Plutarco Elias Calles

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Calles, Plutarco Elias


Born Sept. 25, 1877, in Guay-mas, Sonora; died Oct. 19, 1945, in Mexico City. Mexican statesman and political figure. Teacher by profession.

Calles was one of the participants in the Revolution of 1910— 17, and in 1914 he became a general. From 1918 to 1923 he occupied important ministerial posts. He was president from 1924 to 1928. At first he pursued a policy aimed at strengthening the national sovereignty of the country, defending Mexico’s right to its own natural resources against the encroachments of American monopolies and supporting Nicaragua in its national liberation struggle against US imperialism. However, he eventually capitulated totally to native reaction and American capital, supporting a policy of concessions to US oil monopolies and suppressing democratic forces within the country. In 1930, under his immediate influence, Mexico severed diplomatic relations with the USSR. From 1933 to 1935 he was minister of finance. In 1936 he was expelled from the country for his antinational reactionary activity and interference in the affairs of the progressive government led by L. Cárdenas y del Rio. Returning to Mexico in 1941, he abandoned politics.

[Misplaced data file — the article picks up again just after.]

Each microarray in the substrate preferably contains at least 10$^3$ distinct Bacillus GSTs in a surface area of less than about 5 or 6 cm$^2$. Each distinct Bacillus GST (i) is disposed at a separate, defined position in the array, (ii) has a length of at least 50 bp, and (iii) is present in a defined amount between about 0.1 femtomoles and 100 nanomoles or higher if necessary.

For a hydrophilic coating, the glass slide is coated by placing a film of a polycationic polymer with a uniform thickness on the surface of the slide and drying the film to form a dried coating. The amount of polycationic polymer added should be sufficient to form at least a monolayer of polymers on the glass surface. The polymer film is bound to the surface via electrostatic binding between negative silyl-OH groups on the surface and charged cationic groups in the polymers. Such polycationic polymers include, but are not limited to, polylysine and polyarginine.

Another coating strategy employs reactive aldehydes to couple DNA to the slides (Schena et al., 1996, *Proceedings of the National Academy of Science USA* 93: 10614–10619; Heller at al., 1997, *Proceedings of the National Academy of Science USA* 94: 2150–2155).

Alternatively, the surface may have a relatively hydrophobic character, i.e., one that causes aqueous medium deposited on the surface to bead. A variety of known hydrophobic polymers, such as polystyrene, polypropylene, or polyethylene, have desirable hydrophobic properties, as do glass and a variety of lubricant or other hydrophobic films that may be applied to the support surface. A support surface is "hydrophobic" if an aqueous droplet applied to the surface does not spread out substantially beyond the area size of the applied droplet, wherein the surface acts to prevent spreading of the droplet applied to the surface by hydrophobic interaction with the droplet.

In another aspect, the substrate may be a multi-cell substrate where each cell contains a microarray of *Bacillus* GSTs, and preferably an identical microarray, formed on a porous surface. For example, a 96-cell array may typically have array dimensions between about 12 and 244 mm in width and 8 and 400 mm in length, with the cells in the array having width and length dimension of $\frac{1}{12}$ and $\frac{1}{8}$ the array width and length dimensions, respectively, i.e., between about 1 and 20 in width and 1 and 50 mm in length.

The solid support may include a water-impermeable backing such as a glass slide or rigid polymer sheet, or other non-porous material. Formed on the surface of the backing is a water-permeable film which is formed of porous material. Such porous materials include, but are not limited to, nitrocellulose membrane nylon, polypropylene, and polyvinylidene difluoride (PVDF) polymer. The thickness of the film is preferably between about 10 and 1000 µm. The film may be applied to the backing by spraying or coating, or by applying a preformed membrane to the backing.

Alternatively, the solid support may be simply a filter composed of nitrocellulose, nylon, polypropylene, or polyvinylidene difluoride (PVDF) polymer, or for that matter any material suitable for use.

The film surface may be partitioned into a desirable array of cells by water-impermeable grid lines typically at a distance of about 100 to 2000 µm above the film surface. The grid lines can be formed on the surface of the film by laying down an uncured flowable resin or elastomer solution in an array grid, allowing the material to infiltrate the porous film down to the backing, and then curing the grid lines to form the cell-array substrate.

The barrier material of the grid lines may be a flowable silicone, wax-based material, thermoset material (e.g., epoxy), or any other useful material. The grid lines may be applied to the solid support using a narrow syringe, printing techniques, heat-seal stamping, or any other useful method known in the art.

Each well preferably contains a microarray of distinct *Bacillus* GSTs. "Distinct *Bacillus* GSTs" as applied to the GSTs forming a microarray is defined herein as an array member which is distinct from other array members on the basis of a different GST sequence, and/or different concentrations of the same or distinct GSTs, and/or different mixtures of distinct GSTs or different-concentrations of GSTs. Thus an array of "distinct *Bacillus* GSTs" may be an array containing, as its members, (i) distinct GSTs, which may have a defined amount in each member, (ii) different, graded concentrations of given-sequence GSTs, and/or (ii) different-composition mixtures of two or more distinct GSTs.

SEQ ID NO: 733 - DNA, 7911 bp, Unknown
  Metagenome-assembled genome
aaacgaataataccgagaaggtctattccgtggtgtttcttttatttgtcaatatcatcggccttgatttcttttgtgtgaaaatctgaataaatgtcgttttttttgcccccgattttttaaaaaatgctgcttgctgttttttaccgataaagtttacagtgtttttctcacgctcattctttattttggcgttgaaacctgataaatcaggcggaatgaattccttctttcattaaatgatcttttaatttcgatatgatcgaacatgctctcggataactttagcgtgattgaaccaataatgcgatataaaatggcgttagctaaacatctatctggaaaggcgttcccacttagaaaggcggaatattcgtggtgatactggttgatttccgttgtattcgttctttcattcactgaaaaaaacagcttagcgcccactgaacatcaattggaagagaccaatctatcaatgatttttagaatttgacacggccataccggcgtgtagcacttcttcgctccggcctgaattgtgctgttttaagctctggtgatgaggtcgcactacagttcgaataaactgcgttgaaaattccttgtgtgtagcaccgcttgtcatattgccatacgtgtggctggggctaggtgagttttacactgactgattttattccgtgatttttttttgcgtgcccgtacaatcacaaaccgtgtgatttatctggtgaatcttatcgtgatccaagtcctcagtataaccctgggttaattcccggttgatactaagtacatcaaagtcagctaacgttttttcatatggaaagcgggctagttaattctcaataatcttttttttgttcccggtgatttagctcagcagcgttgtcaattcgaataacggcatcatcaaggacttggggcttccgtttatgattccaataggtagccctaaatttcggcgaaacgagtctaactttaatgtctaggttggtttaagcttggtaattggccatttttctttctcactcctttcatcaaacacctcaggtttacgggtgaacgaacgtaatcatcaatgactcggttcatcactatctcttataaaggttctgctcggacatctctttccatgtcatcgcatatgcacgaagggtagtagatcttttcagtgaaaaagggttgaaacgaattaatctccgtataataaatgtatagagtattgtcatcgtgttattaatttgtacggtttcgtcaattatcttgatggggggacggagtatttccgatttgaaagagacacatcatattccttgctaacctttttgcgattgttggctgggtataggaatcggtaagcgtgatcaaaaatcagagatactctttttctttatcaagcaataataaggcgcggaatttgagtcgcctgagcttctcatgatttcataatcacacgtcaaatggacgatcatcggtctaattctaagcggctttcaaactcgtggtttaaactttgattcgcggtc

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Sheffield spoke about Plutarco Calles, who was President of Mexico during the worst days of the persecution: "He is so violent on the religion question that he has lost dominion of himself--his face burns and he hits the table to express his deep hatred of religion.
He prefaces his account, early in the book, of the martyrdom of the Mexican Jesuit, Father Miguel Pro, in 1927 with a reference to that other Jesuit, the English Edmund Campion, in 1581, finding similiarities between the persecution of priests by President Plutarco Calles in Mexico in the 1920s and that in England at the time of Elizabeth I.
The Cristiada or the Cristero uprising had its origins in the implementation by the administration of Elias Plutarco Calles of the anti-clerical provisions of the 1917 constitution.